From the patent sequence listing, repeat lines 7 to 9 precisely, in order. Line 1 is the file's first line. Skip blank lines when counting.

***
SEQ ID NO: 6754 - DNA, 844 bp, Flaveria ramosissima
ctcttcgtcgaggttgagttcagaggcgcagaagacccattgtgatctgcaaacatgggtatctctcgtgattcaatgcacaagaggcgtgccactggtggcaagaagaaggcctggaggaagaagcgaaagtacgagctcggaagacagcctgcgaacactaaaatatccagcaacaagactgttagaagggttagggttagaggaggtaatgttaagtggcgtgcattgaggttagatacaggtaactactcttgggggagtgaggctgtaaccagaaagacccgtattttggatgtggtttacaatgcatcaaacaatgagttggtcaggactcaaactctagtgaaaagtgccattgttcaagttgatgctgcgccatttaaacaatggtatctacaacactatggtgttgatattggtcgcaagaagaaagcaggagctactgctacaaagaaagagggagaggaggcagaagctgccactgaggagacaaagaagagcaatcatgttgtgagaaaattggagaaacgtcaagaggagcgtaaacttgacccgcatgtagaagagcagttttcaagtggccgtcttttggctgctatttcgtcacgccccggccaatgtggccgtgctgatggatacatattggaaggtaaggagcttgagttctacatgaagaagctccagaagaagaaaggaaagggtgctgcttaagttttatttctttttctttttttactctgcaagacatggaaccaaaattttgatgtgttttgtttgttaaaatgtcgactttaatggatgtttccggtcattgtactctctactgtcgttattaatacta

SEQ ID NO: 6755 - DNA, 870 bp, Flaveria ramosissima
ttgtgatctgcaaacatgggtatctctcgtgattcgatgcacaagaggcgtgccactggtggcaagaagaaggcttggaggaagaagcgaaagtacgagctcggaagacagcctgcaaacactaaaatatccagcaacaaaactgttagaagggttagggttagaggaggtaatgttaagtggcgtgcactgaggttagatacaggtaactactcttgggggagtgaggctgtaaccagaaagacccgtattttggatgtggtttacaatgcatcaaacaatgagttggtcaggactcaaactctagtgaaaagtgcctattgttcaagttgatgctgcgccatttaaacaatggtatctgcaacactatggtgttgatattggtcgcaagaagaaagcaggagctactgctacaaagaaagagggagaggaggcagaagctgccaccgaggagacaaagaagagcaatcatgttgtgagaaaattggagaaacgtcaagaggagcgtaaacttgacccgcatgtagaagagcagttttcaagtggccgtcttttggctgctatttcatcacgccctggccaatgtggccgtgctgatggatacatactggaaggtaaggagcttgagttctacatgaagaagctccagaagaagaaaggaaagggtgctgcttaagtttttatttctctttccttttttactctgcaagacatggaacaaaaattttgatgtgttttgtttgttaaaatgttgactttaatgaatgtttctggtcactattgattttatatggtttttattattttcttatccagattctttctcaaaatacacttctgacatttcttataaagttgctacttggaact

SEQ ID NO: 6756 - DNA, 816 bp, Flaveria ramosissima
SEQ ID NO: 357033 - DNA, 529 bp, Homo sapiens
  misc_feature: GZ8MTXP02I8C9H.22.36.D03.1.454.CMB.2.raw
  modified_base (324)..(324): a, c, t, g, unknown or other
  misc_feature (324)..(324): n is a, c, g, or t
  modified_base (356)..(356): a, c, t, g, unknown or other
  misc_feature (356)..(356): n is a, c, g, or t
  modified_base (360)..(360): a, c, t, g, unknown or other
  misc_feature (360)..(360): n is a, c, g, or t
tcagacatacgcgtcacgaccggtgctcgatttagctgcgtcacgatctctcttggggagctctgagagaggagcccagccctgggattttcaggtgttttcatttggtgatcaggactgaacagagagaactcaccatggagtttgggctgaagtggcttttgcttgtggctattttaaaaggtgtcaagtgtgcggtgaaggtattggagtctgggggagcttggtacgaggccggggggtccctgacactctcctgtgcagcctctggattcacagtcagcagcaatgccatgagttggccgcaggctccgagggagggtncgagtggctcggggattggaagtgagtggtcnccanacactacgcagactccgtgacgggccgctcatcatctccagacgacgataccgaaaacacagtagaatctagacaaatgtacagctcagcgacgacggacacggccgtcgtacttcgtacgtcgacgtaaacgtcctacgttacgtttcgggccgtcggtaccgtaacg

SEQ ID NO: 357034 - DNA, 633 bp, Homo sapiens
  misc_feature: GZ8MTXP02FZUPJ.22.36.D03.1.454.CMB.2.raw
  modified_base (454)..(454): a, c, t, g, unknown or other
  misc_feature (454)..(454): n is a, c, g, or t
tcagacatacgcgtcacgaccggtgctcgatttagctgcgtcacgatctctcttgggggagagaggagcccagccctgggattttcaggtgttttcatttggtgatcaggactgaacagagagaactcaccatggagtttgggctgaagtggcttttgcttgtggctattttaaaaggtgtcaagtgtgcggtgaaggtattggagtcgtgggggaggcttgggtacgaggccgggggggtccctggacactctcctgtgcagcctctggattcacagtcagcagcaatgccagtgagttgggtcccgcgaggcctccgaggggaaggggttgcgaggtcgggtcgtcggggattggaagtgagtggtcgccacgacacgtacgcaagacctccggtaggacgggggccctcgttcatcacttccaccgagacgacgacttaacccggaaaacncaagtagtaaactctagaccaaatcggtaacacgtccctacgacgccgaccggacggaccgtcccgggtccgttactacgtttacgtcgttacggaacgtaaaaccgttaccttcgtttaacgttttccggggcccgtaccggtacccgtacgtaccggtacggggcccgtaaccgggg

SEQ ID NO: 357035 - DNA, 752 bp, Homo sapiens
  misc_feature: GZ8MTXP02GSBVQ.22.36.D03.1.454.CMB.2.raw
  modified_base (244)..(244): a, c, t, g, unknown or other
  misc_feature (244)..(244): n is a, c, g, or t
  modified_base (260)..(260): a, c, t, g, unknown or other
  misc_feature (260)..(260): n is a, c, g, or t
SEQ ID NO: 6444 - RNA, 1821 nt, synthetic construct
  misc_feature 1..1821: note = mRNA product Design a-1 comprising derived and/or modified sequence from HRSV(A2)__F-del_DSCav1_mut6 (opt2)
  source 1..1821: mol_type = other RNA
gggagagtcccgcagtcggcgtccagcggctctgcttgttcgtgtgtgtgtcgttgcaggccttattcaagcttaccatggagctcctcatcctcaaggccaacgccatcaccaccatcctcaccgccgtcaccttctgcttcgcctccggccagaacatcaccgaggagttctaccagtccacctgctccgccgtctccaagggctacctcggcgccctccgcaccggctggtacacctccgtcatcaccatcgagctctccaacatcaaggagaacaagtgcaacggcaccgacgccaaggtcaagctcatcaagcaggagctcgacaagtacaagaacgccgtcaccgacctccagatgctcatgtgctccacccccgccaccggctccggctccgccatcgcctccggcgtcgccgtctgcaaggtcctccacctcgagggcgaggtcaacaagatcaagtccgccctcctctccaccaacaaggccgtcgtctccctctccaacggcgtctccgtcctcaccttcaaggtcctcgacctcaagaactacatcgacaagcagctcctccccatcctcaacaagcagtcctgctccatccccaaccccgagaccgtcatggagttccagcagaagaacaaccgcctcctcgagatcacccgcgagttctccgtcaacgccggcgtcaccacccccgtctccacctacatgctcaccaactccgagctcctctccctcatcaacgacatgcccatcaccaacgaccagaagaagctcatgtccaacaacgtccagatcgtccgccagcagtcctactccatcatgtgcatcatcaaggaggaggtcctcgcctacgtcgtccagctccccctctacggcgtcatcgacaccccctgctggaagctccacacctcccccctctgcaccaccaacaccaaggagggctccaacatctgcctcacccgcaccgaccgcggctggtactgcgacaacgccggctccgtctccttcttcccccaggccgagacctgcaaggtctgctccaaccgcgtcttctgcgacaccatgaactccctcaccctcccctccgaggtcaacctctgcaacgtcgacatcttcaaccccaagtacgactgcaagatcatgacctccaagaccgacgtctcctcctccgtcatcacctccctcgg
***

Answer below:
  misc_feature: GZ8MTXP02I8C9H.22.36.D03.1.454.CMB.2.raw
  modified_base (324)..(324): a, c, t, g, unknown or other
  misc_feature (324)..(324): n is a, c, g, or t